Nikon CoolPix S520
- Fairly good overall image quality, looks good, simple interface
- Some noise issues at higher sensitivities, yellows are a little inaccurate, slow at times
Nikon's CoolPix S520 doesn't do anything out of the ordinary. It provides decent image quality, a simple set of features and has a nice design, but it does have some speed problems and the pictures aren't perfect.
Price$ 379.00 (AUD)
Sitting towards the middle of the company's new compact range, Nikon's S520 is a solid if slightly uninspiring camera. Its 8-megapixel sensor captures reasonably good quality images that will satisfy happy-snap users and while it does have a few nice features on offer, it also suffers from some speed issues which detract a little from the overall package.
These days an 8-megapixel sensor actually sits towards the middle of the pack, with many 10-megapixel compacts flooding the upper tiers of the market. Nonetheless, in general such a sensor will capture perfectly adequate shots for small and medium print sizes.
In Imatest's sharpness test the S520 proved to not quite have the same resolving power as some of the competition; however, this won't be noticeable unless you're making sizeable enlargements. Its shots had a slightly soft look but edges were still crisp and well defined.
Chromatic aberration wasn't too problematic either. Some Nikon compacts in the past have suffered heavily from flaring and haloing issues but that wasn't the case here. There was some corner softening though that is fairly normal while purple fringing was kept well under control. Similarly there was little in the way of haloing in our high contrast indoors chart tests.
Colour response was decent without being fantastic. There is a custom white balance option which helps keep colours looking accurate and it was noticeable in the rich reds and blues. Colours were perhaps a little paler than normal, particularly in shades of yellow and light green and the overall balance was quite soft. This can be tweaked using the colour settings in the camera's menu.
In our noise tests the S520 yielded interesting results. In some ways its performance was fairly standard, with shots at ISO 100 and ISO 200 coming out relatively clean. At higher sensitivities images weren't as noisy as on many other units; however, the noise correction algorithm did result in a drop in image quality. We'd recommend sticking to lower sensitivities unless you're making small 4x6in prints.
The cameras speed results were a little disappointing. In particular, its shutter lag hovered around the 0.15-second mark, which is considerably slower than the standard 0.07-0.1 that we typically see. Power up time was similarly sluggish at 3.5 seconds. Shot-to-shot time seemed to vary depending on the auto focus system (which was a little flaky); it was anywhere from 2 to 2.5 seconds. The burst mode was also quite slow, capturing 1.8 frames per second.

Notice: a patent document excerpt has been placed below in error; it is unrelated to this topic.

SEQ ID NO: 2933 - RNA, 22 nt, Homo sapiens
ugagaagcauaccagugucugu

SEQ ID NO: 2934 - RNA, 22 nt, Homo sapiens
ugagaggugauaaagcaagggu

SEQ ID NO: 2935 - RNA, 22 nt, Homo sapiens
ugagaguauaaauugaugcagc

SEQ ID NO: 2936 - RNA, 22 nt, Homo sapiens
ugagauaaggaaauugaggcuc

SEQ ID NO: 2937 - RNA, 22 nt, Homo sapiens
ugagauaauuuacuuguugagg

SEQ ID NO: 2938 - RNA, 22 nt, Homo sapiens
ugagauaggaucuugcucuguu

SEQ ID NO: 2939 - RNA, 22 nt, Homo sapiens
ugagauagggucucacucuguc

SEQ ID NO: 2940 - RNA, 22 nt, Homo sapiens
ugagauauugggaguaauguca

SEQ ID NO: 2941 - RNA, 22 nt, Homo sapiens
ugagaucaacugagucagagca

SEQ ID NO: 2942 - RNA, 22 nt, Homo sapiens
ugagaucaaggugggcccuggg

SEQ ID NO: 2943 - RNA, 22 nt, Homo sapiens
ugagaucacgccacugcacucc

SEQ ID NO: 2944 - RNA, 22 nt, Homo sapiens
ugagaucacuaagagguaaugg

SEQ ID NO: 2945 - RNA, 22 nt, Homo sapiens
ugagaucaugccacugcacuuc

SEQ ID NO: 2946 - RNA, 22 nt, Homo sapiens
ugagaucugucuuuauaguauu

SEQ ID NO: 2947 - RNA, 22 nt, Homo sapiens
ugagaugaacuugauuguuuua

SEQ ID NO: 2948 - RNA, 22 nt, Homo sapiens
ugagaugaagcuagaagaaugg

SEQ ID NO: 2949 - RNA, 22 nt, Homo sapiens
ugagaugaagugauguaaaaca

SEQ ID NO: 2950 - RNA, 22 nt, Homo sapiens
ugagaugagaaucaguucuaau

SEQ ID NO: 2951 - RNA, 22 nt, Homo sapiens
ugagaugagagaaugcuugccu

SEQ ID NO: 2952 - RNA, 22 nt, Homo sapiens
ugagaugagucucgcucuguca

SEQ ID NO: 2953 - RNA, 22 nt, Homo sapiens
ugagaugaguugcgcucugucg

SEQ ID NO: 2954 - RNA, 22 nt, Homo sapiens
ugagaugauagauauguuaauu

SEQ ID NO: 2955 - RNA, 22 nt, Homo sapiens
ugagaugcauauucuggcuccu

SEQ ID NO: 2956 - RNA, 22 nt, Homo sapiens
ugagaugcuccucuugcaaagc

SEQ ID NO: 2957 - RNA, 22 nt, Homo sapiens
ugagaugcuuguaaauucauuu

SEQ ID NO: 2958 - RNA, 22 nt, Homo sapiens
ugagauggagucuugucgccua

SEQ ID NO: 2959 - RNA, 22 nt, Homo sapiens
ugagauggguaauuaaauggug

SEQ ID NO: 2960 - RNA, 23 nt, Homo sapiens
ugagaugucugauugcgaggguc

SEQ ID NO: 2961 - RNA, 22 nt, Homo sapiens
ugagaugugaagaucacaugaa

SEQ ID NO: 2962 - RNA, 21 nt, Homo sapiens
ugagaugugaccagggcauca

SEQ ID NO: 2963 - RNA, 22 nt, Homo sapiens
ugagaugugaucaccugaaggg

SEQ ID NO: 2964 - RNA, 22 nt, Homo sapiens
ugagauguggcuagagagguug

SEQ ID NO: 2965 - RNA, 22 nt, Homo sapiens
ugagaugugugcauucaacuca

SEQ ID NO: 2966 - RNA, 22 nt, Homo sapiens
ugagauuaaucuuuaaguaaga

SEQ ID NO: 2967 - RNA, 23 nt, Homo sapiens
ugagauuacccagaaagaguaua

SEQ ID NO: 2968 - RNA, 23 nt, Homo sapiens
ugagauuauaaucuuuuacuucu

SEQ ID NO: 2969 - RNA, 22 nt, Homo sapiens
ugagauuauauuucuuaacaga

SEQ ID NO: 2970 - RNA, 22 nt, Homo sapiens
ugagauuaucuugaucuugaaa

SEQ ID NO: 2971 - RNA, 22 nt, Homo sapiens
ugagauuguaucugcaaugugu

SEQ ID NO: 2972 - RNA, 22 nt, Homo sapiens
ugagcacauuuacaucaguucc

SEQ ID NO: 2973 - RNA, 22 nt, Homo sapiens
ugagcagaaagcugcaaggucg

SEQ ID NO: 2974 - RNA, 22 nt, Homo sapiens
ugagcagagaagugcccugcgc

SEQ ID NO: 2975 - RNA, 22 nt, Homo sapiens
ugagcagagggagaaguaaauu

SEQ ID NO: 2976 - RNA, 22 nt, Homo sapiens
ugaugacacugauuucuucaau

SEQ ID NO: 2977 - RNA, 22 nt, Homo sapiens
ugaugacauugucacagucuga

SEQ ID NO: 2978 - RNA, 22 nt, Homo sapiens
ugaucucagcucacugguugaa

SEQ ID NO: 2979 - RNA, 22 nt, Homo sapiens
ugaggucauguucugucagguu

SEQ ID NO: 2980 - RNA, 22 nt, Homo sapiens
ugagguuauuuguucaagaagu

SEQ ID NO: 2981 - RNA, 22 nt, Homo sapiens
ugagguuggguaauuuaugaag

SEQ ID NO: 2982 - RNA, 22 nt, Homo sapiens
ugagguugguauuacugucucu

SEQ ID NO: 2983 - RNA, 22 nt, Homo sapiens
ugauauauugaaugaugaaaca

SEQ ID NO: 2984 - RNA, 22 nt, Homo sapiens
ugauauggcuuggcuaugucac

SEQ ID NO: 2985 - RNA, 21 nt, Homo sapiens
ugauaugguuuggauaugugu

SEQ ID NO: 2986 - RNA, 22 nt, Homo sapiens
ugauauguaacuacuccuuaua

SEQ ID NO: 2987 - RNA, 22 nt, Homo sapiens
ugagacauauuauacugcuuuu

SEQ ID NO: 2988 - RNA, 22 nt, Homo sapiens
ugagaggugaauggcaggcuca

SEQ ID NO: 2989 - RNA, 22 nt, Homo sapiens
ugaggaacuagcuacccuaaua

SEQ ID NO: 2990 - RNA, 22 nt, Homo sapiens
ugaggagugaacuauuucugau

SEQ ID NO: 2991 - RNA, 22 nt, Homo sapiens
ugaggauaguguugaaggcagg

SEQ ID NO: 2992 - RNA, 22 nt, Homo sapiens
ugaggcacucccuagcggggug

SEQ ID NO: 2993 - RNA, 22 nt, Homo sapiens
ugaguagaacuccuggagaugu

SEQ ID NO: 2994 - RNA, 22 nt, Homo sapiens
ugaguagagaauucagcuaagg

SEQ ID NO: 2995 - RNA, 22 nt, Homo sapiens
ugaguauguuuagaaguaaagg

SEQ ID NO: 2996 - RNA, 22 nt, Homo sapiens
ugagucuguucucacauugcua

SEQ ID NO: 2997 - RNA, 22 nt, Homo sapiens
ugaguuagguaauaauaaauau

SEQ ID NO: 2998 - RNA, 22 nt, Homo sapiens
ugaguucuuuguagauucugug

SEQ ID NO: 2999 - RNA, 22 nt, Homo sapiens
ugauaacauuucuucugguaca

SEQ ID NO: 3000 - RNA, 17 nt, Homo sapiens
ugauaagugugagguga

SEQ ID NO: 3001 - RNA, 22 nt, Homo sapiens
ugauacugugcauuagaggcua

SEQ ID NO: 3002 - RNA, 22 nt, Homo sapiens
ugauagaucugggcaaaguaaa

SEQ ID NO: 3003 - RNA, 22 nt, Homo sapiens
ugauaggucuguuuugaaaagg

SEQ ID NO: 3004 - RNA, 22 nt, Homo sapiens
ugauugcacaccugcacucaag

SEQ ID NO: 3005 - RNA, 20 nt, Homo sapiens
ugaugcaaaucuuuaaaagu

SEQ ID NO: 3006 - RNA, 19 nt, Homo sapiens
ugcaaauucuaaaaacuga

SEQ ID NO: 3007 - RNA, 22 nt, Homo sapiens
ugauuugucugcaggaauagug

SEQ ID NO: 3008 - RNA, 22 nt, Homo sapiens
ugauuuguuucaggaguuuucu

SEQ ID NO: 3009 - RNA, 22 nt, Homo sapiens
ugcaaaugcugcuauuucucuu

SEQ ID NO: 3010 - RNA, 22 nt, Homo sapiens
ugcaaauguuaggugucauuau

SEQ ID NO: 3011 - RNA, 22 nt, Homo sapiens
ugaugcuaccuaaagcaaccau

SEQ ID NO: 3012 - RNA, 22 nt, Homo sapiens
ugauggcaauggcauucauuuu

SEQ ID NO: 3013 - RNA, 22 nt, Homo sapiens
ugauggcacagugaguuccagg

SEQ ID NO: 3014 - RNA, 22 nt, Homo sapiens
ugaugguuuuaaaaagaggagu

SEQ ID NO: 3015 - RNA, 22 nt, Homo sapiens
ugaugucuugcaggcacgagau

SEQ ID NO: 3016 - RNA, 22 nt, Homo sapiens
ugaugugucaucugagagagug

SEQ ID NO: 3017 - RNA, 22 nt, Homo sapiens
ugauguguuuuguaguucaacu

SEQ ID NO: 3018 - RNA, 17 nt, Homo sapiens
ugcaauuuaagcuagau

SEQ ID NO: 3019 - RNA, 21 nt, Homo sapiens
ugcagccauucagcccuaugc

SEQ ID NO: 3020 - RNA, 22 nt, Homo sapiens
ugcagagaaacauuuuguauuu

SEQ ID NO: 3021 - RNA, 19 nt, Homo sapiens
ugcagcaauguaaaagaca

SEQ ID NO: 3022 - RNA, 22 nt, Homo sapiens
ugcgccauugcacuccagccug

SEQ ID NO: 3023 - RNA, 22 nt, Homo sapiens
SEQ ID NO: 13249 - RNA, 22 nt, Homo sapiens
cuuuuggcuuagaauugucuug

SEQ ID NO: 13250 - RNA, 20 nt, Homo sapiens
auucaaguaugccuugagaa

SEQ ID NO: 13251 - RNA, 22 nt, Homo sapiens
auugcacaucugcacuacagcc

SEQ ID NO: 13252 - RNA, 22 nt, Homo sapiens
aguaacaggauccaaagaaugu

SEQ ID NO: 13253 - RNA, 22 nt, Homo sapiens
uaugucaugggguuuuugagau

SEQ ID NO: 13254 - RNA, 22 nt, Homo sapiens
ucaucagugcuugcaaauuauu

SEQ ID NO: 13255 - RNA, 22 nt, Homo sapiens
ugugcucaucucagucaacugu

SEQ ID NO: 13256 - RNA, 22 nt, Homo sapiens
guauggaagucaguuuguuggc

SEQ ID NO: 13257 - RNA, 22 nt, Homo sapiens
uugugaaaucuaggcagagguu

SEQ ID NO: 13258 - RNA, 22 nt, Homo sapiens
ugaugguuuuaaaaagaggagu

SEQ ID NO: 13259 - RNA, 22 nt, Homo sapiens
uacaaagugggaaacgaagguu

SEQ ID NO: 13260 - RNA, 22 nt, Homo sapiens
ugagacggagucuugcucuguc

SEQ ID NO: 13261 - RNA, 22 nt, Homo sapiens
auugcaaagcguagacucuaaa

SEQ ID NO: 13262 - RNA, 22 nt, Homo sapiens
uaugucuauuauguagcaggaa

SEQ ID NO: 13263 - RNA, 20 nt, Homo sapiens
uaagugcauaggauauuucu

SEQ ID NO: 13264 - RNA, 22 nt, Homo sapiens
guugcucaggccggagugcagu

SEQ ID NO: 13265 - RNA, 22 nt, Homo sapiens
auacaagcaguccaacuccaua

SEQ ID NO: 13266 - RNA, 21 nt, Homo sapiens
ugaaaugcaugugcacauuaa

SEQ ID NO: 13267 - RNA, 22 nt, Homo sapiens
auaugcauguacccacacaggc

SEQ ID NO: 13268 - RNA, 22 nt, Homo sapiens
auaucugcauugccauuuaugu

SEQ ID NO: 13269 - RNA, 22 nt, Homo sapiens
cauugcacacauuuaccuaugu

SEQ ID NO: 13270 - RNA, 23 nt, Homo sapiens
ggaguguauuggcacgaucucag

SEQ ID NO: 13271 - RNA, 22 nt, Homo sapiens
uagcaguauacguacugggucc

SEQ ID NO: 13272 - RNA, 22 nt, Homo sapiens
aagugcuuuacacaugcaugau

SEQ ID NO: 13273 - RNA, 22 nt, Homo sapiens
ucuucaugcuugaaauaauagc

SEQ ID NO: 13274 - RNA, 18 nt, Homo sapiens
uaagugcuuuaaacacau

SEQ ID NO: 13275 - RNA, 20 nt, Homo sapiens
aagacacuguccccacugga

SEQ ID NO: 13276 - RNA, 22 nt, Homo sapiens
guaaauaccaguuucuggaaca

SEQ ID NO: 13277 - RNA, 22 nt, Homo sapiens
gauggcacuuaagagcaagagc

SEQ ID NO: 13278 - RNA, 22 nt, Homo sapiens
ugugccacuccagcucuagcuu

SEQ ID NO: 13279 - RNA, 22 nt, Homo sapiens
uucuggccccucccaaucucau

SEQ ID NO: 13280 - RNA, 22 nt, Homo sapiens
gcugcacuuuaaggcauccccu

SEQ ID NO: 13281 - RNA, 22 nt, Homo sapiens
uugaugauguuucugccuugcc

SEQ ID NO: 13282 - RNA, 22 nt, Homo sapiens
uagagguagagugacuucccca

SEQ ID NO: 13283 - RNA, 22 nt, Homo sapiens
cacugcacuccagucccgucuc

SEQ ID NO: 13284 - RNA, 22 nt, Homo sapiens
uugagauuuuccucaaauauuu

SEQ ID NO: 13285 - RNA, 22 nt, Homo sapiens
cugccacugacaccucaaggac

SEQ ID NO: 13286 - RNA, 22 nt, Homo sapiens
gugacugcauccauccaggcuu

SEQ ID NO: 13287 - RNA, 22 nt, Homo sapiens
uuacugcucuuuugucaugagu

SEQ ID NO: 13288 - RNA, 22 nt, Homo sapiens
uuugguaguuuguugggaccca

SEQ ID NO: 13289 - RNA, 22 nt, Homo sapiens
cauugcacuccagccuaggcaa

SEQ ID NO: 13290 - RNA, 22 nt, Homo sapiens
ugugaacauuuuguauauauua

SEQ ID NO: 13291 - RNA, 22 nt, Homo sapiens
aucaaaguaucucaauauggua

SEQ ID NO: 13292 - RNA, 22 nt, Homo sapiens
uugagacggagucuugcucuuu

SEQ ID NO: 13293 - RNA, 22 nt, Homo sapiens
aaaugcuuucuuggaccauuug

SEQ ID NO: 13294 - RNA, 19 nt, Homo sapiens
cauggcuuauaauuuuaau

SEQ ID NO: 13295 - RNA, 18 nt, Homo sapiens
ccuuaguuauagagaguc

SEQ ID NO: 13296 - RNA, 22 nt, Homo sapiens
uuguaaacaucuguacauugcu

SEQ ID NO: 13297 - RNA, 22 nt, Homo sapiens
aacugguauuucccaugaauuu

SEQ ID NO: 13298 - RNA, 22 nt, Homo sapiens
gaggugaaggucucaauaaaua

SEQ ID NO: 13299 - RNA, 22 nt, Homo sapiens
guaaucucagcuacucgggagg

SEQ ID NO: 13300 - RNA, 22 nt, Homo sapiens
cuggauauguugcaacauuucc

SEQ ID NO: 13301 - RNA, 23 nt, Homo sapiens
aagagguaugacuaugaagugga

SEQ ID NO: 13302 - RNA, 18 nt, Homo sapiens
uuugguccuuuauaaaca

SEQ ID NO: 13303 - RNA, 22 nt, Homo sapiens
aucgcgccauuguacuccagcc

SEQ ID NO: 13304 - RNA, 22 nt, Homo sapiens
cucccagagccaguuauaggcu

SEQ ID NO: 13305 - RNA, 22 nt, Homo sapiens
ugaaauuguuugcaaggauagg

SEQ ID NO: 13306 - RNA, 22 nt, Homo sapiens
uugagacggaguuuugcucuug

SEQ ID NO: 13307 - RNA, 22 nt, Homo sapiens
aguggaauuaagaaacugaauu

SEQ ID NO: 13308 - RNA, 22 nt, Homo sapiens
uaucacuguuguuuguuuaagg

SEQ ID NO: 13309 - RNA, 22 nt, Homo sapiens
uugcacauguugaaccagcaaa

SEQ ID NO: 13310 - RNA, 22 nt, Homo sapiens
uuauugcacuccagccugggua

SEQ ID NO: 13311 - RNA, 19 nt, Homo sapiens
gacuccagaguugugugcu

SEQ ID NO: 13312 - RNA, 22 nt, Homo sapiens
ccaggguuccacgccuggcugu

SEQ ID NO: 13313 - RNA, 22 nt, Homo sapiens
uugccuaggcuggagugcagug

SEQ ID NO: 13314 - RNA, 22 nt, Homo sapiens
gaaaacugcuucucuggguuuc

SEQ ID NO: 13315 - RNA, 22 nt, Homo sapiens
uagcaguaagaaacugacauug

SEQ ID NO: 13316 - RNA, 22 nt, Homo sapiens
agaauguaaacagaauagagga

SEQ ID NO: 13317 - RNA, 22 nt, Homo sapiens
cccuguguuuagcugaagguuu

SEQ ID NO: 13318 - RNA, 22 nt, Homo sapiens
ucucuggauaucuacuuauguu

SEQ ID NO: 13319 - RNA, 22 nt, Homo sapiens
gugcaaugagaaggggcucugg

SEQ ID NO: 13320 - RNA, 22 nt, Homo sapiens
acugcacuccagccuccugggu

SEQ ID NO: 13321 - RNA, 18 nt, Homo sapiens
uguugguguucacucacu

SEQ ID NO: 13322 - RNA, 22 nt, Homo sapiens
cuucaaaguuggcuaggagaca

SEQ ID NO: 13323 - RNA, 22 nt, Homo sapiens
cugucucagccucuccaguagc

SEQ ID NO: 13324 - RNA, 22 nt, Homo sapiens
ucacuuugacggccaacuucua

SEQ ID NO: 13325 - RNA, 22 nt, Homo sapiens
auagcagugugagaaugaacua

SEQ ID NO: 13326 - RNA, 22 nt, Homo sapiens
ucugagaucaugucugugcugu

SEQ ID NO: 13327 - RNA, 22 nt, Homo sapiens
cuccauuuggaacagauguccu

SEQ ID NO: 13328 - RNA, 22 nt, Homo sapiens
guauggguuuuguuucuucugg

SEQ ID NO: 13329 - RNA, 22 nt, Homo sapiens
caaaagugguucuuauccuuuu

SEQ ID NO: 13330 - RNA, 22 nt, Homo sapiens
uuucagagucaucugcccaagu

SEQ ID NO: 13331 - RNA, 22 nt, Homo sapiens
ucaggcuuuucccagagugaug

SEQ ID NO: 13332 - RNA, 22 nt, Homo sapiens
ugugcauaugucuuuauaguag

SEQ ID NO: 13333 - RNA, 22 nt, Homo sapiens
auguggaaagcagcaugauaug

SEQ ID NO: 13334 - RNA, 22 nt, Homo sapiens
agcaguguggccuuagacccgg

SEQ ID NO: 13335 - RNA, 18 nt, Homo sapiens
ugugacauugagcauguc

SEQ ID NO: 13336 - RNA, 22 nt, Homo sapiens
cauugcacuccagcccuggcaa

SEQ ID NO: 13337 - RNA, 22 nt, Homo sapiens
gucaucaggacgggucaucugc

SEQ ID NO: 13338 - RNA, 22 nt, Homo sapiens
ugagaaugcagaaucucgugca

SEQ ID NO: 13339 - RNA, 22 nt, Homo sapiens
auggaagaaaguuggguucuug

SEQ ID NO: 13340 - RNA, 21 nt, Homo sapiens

Features wise the S520 is a standard Nikon compact. It has face detect, Nikon's Best Shot Selector mode (which is basically a bracketing feature) and 15 scene modes. White balance can be set using the presets or with the aforementioned custom mode, and vibration reduction also returns providing some basic protection against handshake although it isn't as effective as an optical solution.
Design-wise the unit looks pretty good. It has a standard wide, slim, boxy build but is constructed out of brushed chrome metal which adds a touch of style. The controls and interface are all extremely basic and apart from a strangely labelled button, everything is easy to grasp and use.
Join the Good Gear Guide newsletter!
Most Popular Reviews
- 1 Sony Xperia Z3 review: The no-frills flagship
- 2 Samsung's Galaxy Alpha review: A peek into the Galaxy S6
- 3 Samsung Galaxy Note 4 review: The busiest, biggest and best Samsung phablet
- 4 Aldi's $279 Bauhn Sphere review: Disappointing
- 5 Nokia Lumia 735 review: Perfectly ordinary
Best Deals on GoodGearGuide
Latest News Articles
- Distracted? Slap this Hitachi gizmo on your forehead to focus
- Uber suspends Nevada operations, affecting nearly 1,000 jobs
- Sony confirms development of e-paper smartwatch
- My gripe with Apple’s iPhones
- Weather.com fixes web application vulnerabilities
GGG Evaluation Team
First impression on unpacking the Q702 test unit was the solid feel and clean, minimalist styling.
For work use, Microsoft Word and Excel programs pre-installed on the device are adequate for preparing short documents.
The Fujitsu LifeBook UH574 allowed for great mobility without being obnoxiously heavy or clunky. Its twelve hours of battery life did not disappoint.
The screen was particularly good. It is bright and visible from most angles, however heat is an issue, particularly around the Windows button on the front, and on the back where the battery housing is located.
My first impression after unboxing the Q702 is that it is a nice looking unit. Styling is somewhat minimalist but very effective. The tablet part, once detached, has a nice weight, and no buttons or switches are located in awkward or intrusive positions.
- FTDigital Account ManagerNSW
- CCTech Support | IT Services Firm - Ad hoc Projects - Port Augusta / Whyalla AreaSA
- FTPartnership Manager - MediaNSW
- FTStudio Design ManagerVIC
- FTAccount ExecutiveNSW
- FTProgram Manager - Integration & SolutionsNSW
- FTSEO Content ExecutiveVIC
- CCTech Support | IT Services Firm - Ad hoc Projects - Echuca AreaVIC